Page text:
Friday, January 1, 2010

Question re: Cobalt Carbonate in glaze

I have a bowl that I brushed with cobalt carbonate (or is it carbonate cobalt... time for my 'up too late on New Years Eve nap ;-) that I'd mixed with some water. I wiped it off, leaving a decent amount in crevices. I'm going to put a clear glaze, or maybe a white or light blue glaze over it and fire. At least that's the plan. However, it seems that I read somewhere that the cobalt would run easily? I don't want a mess, don't want to ruin the bowl either.

Anyone familiar with the properties? Should I wipe a LOT of it off? Should I wash it all off? What's gonna happen you think if I do what I said? Need a photo to see how much I have on there?

I did an Internet search, no luck. I'll probably take a look through some of my pottery books.

Heading back out to the studio, it's New Years Day and I can't start the year without clay under my fingernails .

Hope you're all having the best ever beginning to a new year!


  1. HI! Happy new year! You probably need to wipe off as much cobalt carbonate (CoCO3) as you can if you want it to be mainly in the cracks. That way the effect will be nicer. Cobalt is the strongest colorant. 2% by weight in a glaze will be blue, iron needs 12% to be dark. The oxide (CoO) is 2x stronger than the carbonate. The carbonate changes to oxide in the kiln as the CO2 goes into the air. If you see any it is very strong blue so wipe and wipe, use it watered down and keep your hands out of it as they will look clean but leave finger prints and blotches of blue. If you see a lot of grey/purple powder, then it is really thick and you might want to wash the whole thing, let it dry a day and then glaze it. It will still have blue in cracks. It probably won't make a clear or white glaze run unless it is very thick. But I would need to know the glaze reciepe and firing temp to know more. I like white better but both are nice. Blue willow pottery was done this way with cobalt washes of differrent strengths under and over a white glaze. Sometimes I addd a bit of frit 3134 or other frit to the cobalt and water so it melts into the glaze better raather than causing it to pull away in that area, which it can do if it is thick, leaving a dry surface. I also addd the powered ceramic gum CMC to the water to make it more brushable. Those aren't alway necessary esp if you mainly have it in grooves, carving or cracks. Good luck and have fun experimenting with oxides in the new year. Erik Painter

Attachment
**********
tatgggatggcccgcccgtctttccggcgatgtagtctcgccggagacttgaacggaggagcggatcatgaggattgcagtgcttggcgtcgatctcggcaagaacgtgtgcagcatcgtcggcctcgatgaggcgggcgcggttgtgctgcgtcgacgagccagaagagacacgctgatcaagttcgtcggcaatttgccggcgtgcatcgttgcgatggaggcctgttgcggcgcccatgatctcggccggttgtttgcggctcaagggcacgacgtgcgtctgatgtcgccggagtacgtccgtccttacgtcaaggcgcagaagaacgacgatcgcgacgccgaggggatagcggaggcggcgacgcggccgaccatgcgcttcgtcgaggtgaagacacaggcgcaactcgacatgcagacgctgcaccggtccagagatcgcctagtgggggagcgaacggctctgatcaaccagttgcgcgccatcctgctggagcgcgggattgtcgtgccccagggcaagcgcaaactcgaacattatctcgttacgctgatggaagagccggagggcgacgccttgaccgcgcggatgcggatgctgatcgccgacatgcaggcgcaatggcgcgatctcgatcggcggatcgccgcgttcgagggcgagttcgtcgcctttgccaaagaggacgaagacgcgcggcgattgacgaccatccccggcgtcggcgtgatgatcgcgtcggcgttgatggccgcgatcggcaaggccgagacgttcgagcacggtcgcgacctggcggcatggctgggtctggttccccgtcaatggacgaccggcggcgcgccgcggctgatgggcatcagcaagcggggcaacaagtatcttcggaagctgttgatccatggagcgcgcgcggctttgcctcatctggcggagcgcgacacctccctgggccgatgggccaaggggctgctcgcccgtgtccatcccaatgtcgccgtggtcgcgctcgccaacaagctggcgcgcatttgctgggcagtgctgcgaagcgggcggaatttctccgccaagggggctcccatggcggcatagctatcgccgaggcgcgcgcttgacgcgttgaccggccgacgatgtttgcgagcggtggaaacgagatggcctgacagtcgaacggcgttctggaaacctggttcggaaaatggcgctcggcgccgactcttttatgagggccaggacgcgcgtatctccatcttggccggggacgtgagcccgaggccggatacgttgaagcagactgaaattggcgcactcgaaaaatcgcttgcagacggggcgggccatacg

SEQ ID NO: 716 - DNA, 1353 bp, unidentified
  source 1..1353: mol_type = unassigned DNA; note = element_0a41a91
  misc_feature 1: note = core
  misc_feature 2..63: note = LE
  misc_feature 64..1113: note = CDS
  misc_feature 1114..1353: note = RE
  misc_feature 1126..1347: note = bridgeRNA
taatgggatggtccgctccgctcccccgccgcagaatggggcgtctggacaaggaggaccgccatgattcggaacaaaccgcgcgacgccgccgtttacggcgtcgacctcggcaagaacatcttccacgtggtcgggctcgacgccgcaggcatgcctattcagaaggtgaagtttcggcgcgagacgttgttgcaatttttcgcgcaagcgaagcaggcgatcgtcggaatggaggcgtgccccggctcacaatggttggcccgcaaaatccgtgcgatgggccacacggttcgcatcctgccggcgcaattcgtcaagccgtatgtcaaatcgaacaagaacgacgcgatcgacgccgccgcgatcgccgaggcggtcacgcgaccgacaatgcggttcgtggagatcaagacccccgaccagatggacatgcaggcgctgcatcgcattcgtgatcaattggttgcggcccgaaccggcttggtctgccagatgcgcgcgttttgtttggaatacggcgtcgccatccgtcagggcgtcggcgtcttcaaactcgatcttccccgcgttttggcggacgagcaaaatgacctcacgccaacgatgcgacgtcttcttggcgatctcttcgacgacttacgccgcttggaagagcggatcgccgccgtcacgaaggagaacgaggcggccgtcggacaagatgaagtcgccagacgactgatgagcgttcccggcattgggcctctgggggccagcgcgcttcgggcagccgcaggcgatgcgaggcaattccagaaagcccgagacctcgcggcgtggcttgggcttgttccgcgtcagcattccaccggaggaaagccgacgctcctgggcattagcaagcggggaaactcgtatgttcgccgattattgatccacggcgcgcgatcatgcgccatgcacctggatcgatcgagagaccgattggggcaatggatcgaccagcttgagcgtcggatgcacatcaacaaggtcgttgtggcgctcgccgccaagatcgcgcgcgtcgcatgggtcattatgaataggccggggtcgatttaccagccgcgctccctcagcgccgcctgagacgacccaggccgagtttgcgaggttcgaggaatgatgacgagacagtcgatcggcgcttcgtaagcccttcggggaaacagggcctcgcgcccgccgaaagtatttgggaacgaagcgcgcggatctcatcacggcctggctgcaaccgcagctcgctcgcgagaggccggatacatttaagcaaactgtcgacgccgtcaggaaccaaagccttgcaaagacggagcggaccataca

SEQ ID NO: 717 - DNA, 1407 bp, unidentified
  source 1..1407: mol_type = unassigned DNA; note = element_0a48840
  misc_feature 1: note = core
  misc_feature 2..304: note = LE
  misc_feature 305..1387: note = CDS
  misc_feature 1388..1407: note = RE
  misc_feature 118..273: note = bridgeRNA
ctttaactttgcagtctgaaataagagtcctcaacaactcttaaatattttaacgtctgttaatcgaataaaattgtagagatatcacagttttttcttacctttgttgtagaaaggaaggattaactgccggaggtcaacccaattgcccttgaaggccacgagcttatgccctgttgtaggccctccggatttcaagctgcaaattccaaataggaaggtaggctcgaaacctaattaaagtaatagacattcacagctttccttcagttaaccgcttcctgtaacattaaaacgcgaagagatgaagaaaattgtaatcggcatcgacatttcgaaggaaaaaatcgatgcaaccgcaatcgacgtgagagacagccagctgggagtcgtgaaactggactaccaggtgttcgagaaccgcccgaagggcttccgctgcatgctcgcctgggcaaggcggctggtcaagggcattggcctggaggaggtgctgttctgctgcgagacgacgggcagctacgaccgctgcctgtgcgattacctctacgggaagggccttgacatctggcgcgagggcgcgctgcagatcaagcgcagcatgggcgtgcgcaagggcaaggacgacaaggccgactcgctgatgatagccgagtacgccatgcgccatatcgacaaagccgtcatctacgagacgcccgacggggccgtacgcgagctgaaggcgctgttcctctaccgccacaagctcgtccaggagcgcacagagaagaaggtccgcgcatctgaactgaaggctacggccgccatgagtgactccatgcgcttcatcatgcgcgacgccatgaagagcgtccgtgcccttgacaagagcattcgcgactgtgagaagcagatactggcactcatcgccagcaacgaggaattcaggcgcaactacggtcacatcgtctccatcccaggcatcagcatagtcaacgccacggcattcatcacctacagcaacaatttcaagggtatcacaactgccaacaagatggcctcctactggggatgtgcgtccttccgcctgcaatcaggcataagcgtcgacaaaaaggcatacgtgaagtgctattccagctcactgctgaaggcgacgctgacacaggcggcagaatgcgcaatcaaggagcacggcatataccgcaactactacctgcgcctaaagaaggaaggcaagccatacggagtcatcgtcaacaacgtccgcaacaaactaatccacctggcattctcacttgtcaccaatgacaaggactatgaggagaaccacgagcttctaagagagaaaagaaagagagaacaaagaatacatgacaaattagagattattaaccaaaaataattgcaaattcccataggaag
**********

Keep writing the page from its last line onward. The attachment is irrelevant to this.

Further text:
2. Thanks so much Eric! Hope you have a fantastic New Year.


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